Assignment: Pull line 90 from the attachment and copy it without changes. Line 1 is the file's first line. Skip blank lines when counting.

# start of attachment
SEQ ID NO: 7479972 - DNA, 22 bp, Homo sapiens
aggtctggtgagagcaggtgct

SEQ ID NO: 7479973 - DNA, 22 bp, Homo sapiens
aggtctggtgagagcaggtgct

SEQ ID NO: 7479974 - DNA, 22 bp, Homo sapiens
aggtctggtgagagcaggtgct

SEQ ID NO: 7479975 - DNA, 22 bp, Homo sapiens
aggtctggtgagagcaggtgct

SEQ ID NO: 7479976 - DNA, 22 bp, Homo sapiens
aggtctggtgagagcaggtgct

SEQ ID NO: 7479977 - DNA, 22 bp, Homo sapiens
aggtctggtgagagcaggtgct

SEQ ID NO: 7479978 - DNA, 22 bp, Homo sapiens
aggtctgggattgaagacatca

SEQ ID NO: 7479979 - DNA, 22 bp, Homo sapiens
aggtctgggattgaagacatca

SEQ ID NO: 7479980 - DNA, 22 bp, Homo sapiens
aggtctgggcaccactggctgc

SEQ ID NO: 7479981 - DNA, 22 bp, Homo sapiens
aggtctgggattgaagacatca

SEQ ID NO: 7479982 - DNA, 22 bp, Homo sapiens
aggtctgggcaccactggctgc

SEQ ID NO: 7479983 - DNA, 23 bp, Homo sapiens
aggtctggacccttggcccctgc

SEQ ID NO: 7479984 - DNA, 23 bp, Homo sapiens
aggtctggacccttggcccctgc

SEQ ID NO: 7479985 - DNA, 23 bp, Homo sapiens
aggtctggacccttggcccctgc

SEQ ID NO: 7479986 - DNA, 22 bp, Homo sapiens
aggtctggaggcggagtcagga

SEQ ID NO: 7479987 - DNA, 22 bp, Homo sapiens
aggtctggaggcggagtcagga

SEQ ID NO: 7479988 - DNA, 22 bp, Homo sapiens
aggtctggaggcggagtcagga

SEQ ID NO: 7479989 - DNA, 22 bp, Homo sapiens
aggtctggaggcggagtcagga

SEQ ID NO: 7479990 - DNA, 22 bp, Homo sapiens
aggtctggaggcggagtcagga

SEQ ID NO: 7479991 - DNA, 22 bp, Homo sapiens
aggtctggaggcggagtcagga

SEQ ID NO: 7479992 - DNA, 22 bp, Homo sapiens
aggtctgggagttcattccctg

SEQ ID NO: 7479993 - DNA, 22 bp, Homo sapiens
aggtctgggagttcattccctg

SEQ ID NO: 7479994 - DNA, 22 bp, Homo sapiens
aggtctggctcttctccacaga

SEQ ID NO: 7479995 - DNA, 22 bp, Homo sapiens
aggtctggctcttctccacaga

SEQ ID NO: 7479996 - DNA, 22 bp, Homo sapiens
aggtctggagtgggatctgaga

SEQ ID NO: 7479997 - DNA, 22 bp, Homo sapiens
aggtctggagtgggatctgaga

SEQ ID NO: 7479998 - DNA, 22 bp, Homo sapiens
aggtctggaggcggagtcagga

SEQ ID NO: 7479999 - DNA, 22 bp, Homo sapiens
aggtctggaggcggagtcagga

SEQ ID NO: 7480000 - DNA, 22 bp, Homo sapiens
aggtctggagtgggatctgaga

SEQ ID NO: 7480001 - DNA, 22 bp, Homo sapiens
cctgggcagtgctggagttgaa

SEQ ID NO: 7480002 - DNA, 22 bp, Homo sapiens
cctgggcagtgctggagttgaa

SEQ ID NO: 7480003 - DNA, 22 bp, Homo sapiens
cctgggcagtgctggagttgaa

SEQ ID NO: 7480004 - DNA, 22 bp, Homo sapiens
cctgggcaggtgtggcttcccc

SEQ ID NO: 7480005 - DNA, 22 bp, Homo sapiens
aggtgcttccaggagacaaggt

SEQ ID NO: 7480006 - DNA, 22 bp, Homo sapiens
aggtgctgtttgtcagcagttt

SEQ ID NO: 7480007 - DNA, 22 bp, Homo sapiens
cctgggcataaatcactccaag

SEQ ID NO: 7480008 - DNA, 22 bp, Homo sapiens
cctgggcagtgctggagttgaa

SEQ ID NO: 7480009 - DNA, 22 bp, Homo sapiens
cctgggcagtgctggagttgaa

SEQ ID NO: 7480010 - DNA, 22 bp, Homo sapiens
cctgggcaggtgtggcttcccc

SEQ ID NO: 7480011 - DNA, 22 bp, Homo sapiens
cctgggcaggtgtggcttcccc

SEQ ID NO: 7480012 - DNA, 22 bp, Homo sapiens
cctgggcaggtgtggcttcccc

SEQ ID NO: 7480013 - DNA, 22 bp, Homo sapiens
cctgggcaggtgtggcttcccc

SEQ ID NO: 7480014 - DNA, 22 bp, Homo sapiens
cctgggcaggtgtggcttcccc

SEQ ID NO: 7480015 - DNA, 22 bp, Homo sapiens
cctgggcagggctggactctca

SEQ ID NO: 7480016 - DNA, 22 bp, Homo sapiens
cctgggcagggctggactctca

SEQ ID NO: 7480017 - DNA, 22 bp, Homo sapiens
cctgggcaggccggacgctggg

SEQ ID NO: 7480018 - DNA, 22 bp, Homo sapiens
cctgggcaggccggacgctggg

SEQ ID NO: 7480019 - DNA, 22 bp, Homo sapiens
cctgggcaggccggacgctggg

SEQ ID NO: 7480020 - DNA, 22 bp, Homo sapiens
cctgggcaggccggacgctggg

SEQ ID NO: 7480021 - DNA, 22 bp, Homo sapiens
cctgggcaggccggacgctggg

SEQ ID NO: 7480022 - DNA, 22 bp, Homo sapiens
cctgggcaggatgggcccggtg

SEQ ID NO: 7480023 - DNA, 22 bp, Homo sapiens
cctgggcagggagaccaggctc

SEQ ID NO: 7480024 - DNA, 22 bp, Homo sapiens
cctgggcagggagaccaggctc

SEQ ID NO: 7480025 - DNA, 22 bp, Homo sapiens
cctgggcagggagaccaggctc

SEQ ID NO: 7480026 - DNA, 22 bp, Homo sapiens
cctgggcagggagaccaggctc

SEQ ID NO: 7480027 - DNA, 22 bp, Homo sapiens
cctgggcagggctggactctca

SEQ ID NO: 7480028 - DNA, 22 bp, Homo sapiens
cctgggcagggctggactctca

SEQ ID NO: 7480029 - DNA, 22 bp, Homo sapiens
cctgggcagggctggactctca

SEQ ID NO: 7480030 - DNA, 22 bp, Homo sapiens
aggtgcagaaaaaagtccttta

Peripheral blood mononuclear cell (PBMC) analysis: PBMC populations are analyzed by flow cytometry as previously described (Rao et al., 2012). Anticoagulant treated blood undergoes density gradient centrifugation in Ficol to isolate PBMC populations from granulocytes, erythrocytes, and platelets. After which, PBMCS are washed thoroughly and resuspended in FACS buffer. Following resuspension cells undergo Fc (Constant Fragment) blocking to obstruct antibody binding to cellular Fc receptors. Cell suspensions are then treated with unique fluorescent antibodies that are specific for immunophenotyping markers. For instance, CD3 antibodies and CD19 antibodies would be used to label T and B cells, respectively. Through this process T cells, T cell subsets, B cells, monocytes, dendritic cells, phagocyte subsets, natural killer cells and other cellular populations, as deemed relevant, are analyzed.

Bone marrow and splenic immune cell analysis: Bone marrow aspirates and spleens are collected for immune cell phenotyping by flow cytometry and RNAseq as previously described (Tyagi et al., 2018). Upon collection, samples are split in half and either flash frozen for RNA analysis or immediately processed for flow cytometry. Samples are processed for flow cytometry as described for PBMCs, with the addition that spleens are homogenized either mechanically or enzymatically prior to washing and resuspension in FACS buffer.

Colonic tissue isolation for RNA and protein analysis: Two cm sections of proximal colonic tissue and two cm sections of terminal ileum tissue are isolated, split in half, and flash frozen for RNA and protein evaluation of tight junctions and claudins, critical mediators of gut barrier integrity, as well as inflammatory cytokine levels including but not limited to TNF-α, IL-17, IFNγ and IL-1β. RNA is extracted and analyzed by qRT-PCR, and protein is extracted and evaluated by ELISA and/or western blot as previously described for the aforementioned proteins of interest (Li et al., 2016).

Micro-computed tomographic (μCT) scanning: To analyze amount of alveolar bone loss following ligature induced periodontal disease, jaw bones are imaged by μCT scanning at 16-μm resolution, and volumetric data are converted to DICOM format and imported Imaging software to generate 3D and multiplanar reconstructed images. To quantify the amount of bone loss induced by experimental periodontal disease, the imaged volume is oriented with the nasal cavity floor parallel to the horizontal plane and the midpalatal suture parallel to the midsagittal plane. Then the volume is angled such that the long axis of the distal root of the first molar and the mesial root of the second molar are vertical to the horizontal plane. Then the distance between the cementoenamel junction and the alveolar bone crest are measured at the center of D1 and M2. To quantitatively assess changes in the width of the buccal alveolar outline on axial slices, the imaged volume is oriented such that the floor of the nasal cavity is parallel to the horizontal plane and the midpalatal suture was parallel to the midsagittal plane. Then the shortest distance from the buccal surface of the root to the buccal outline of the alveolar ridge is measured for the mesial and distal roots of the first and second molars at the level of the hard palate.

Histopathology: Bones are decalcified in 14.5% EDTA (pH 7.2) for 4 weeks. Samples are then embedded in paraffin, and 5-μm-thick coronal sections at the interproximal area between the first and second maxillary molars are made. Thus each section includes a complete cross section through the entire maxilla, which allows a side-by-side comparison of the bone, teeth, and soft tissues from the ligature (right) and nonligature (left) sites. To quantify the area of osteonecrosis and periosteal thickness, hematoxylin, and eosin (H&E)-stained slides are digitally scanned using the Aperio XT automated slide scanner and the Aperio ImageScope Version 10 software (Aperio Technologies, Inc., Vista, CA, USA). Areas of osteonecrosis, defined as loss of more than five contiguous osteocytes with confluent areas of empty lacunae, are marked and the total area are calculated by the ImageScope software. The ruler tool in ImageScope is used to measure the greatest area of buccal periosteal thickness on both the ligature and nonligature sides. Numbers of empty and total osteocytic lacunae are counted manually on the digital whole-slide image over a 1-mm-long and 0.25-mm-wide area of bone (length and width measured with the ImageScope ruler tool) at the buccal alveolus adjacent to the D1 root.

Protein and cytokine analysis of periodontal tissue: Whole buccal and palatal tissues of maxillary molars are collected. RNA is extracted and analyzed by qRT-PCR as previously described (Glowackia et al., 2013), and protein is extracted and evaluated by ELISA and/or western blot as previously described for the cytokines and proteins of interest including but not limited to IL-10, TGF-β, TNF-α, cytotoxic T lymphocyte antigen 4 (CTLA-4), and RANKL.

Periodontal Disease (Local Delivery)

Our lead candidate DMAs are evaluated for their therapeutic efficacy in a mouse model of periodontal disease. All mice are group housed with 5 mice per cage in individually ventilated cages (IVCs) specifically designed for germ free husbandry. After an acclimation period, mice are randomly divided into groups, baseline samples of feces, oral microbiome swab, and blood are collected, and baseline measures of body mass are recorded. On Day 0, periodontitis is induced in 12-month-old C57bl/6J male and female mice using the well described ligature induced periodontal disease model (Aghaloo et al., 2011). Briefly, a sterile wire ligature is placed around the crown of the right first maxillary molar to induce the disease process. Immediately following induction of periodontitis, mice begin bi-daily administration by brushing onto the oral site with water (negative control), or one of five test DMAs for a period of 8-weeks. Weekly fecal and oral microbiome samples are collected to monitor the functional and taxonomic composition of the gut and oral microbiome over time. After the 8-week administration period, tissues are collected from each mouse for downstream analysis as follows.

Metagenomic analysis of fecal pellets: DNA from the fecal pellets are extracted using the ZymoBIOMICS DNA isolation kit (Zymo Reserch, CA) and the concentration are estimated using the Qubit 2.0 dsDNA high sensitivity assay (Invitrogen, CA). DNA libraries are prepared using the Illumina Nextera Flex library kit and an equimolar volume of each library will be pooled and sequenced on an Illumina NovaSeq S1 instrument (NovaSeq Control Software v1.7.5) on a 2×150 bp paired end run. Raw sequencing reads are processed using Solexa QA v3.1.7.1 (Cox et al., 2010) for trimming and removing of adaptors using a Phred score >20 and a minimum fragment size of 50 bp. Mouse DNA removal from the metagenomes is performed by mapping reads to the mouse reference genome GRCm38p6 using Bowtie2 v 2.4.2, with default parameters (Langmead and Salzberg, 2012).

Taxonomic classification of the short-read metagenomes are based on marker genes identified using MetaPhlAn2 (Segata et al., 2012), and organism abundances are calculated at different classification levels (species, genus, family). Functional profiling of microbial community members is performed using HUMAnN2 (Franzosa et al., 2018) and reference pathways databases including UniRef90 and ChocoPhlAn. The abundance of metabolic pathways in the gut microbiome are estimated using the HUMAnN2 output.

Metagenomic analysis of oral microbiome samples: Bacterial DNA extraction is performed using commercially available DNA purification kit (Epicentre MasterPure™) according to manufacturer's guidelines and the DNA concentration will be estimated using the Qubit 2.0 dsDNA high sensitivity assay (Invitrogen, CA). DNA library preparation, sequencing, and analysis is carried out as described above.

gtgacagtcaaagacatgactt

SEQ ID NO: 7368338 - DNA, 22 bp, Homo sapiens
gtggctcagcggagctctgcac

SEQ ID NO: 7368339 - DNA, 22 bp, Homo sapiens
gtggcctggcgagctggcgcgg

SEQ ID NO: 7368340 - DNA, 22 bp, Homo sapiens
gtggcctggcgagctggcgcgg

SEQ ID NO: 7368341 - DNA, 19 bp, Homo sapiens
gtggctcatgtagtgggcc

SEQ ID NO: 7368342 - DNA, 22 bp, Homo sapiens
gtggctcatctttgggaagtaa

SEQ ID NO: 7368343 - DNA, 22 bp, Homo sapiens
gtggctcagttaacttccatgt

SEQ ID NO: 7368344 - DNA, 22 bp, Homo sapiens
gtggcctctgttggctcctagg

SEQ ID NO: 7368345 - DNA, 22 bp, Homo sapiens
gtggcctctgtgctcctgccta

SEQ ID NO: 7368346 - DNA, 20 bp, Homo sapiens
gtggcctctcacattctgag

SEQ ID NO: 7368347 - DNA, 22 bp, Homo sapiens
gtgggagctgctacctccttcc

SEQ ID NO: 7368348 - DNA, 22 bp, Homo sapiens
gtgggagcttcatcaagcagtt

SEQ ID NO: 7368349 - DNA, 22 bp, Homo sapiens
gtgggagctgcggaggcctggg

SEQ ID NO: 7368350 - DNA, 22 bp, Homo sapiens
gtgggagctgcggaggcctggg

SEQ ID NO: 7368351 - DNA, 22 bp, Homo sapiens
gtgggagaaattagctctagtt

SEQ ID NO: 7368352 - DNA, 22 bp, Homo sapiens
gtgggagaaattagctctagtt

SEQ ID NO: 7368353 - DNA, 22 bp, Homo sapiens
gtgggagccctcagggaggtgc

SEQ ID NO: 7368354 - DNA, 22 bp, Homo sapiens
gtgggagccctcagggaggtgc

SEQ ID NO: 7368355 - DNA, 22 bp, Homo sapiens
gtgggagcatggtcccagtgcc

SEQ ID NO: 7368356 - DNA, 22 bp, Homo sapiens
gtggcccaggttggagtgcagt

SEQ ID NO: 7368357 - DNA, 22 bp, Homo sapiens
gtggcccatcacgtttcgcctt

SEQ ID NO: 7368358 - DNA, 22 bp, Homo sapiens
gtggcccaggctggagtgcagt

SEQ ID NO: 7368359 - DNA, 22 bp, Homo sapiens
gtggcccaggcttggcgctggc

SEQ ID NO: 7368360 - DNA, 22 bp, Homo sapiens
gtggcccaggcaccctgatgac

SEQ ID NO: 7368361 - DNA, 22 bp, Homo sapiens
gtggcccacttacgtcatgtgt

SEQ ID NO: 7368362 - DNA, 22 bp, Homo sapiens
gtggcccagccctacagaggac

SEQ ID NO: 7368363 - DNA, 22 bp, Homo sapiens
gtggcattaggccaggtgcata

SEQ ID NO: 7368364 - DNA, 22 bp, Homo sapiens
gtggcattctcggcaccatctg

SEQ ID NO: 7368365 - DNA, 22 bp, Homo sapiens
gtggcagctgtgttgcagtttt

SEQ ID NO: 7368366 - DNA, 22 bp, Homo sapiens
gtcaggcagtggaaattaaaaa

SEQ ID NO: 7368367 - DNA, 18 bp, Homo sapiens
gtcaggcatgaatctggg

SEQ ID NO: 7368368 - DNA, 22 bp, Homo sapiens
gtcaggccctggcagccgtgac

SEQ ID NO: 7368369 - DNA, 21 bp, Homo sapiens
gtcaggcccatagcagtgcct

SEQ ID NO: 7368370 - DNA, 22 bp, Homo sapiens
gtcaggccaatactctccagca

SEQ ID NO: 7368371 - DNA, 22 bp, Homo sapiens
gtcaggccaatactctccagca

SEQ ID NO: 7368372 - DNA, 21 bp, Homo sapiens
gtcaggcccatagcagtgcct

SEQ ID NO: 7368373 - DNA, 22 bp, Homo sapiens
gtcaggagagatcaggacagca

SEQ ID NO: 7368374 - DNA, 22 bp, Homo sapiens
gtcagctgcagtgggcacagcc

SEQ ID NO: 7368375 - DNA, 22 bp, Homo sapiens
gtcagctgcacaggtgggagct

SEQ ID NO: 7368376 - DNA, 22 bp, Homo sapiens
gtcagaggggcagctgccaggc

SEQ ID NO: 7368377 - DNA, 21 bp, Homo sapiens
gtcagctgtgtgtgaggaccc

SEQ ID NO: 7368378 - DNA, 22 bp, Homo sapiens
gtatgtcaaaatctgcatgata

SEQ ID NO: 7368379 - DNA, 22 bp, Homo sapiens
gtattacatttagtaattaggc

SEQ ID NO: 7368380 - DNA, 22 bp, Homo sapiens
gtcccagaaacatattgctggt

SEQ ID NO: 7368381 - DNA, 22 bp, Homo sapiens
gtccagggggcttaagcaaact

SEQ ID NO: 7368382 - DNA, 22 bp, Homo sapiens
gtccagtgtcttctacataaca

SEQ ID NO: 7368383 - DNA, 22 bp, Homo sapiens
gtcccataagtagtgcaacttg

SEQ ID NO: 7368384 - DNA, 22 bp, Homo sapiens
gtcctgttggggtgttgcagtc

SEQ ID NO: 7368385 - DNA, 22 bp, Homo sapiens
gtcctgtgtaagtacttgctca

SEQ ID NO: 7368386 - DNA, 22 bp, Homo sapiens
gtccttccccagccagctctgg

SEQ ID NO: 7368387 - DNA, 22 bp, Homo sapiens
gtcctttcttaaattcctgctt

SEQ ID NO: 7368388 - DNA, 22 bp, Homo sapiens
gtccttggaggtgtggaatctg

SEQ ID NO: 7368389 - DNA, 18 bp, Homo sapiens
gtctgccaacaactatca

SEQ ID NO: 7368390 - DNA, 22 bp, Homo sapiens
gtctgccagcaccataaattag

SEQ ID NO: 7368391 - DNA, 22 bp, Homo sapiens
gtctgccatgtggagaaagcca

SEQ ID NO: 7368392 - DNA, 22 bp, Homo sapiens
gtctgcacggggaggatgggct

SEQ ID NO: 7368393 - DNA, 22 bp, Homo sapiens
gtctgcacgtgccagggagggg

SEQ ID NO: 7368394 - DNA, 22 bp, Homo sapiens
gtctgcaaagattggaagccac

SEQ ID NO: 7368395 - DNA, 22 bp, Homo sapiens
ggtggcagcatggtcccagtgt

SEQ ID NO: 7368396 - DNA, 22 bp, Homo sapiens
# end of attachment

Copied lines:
cctgggcagggctggactctca